PREDICTED SOLAR FLARE ACTIVITY FOR THE 1990s: POSSIBLE EFFECTS ON NAVIGATION SYSTEMS

J. M. Kunches and J. W. Hirman

Peer Reviewed

Abstract: The current solar cycle, which began in September 1986, may prove to be the highest ever, as measured by sunspot numbers and radio flux. The cycle’s frequent and strong solar flare activity can be illustrated by the March 1989 episode, which caused many problems for navigation systems. Flares and the geomagnetic storms that sometimes accompany them can disrupt low-frequency systems such as Loran-C, as well as the satellite-borne GPS. Although the maximum of the solar cycle is expected during the first quarter of 1990, flare activity is likely to persist at high levels for a few years to follow. Geomagnetic activity may occur at any time in the cycle, and thus geomagnetic disruptions are possible at any point in the 1990s.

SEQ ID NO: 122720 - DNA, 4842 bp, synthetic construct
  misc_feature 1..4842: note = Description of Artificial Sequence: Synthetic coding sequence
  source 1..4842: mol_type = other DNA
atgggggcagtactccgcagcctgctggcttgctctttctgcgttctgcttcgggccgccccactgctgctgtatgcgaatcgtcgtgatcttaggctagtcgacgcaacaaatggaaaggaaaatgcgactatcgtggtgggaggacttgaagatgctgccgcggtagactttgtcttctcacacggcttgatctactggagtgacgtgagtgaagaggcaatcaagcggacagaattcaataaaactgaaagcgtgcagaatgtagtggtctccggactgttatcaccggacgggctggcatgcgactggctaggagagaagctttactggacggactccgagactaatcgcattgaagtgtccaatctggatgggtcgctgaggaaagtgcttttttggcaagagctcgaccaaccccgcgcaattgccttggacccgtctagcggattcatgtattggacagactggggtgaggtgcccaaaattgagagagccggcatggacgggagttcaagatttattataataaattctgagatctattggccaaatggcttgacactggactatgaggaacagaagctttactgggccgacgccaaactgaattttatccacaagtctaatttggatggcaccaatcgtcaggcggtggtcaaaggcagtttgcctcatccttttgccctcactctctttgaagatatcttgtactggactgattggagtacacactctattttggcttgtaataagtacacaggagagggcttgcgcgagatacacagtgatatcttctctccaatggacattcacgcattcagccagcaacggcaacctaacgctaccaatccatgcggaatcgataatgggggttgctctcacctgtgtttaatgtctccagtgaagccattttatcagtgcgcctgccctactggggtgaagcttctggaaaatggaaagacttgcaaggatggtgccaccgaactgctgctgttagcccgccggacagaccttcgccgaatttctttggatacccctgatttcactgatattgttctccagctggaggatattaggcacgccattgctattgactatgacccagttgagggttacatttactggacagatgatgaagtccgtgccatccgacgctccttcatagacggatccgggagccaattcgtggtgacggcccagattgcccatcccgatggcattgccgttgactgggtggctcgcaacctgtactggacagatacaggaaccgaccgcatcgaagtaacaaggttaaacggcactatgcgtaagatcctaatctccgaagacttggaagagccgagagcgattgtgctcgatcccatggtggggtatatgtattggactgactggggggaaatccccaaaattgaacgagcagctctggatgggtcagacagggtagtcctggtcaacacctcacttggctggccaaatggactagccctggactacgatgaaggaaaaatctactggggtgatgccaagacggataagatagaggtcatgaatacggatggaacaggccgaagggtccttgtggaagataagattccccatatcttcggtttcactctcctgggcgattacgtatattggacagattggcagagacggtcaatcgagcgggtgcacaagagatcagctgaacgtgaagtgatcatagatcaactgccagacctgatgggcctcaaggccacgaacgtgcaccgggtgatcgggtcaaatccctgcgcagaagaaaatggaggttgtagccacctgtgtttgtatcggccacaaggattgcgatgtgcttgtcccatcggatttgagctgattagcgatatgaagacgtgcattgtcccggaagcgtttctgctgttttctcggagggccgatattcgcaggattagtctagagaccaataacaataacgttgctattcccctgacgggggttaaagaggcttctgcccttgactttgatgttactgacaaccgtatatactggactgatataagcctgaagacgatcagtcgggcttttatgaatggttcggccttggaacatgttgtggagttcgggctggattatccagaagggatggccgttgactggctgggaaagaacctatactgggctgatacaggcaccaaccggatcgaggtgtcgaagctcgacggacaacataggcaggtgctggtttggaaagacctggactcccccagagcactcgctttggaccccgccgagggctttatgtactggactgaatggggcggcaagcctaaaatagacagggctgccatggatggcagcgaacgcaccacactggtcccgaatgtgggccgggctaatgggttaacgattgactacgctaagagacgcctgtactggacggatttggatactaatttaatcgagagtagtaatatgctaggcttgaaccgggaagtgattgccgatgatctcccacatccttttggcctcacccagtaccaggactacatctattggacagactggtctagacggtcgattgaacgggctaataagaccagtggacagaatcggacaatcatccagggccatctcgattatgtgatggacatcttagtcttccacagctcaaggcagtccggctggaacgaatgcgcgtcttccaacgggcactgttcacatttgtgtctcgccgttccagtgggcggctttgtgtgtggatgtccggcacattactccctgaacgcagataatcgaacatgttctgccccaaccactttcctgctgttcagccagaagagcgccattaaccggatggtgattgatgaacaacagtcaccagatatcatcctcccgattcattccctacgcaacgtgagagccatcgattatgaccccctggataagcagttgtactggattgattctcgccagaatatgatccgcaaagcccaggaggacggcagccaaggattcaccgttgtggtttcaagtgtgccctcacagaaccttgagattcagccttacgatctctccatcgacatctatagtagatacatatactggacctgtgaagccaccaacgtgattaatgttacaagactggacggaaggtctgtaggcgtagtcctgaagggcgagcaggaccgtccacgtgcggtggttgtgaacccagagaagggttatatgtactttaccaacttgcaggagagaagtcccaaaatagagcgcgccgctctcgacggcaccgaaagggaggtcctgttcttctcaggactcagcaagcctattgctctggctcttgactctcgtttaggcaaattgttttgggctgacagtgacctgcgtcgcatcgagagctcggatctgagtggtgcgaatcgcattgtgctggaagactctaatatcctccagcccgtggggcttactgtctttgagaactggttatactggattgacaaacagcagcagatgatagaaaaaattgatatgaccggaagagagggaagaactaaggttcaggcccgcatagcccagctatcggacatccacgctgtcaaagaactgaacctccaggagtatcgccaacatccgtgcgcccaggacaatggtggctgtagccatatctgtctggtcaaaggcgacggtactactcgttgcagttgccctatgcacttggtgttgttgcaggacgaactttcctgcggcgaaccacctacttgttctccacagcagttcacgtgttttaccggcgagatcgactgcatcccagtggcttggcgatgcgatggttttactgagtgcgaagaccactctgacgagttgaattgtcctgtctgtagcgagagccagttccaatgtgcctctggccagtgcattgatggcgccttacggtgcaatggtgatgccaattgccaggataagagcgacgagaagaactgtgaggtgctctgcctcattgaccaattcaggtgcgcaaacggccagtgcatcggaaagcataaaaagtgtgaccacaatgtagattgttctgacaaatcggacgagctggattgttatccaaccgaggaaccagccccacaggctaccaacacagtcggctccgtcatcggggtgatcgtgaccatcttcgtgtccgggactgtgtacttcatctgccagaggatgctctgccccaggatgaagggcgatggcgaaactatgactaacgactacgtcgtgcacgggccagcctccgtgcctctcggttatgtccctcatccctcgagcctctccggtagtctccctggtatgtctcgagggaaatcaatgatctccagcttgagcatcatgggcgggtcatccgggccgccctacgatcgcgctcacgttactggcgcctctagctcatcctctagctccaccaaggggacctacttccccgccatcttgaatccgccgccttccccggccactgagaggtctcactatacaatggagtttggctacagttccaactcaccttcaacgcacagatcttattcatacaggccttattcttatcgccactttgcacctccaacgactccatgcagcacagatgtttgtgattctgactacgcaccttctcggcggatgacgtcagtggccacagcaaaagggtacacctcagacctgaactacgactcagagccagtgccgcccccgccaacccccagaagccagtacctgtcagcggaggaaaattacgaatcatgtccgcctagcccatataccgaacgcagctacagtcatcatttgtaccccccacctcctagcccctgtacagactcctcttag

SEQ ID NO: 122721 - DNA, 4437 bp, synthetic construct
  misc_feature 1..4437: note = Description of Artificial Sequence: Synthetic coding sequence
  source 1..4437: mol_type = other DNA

Published in: NAVIGATION, Journal of the Institute of Navigation, Volume 37, Number 2
Pages: 169 - 180
Cite this article: Kunches, J. M., Hirman, J. W., "PREDICTED SOLAR FLARE ACTIVITY FOR THE 1990s: POSSIBLE EFFECTS ON NAVIGATION SYSTEMS", NAVIGATION, Journal of The Institute of Navigation, Vol. 37, No. 2, Summer 1990, pp. 169-180.
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